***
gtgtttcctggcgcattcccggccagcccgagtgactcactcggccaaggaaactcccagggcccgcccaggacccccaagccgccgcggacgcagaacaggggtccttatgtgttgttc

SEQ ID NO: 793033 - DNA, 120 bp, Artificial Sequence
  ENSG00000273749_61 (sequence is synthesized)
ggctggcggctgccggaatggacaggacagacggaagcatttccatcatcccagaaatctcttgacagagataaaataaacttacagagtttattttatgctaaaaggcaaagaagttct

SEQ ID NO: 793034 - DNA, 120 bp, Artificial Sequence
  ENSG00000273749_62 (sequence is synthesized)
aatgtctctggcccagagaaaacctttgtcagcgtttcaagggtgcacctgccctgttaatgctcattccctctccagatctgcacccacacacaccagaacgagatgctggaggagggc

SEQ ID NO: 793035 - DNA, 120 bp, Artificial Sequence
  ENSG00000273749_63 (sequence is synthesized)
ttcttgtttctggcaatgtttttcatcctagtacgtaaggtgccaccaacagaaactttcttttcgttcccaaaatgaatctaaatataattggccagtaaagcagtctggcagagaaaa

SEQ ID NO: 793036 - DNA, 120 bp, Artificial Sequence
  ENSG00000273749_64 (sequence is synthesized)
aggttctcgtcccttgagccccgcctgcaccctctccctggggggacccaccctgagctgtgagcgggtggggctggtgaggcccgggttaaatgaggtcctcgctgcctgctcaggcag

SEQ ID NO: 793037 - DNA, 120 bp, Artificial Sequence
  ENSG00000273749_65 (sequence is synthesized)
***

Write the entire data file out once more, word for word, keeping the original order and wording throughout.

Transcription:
gtgtttcctggcgcattcccggccagcccgagtgactcactcggccaaggaaactcccagggcccgcccaggacccccaagccgccgcggacgcagaacaggggtccttatgtgttgttc

SEQ ID NO: 793033 - DNA, 120 bp, Artificial Sequence
  ENSG00000273749_61 (sequence is synthesized)
ggctggcggctgccggaatggacaggacagacggaagcatttccatcatcccagaaatctcttgacagagataaaataaacttacagagtttattttatgctaaaaggcaaagaagttct

SEQ ID NO: 793034 - DNA, 120 bp, Artificial Sequence
  ENSG00000273749_62 (sequence is synthesized)
aatgtctctggcccagagaaaacctttgtcagcgtttcaagggtgcacctgccctgttaatgctcattccctctccagatctgcacccacacacaccagaacgagatgctggaggagggc

SEQ ID NO: 793035 - DNA, 120 bp, Artificial Sequence
  ENSG00000273749_63 (sequence is synthesized)
ttcttgtttctggcaatgtttttcatcctagtacgtaaggtgccaccaacagaaactttcttttcgttcccaaaatgaatctaaatataattggccagtaaagcagtctggcagagaaaa

SEQ ID NO: 793036 - DNA, 120 bp, Artificial Sequence
  ENSG00000273749_64 (sequence is synthesized)
aggttctcgtcccttgagccccgcctgcaccctctccctggggggacccaccctgagctgtgagcgggtggggctggtgaggcccgggttaaatgaggtcctcgctgcctgctcaggcag

SEQ ID NO: 793037 - DNA, 120 bp, Artificial Sequence
  ENSG00000273749_65 (sequence is synthesized)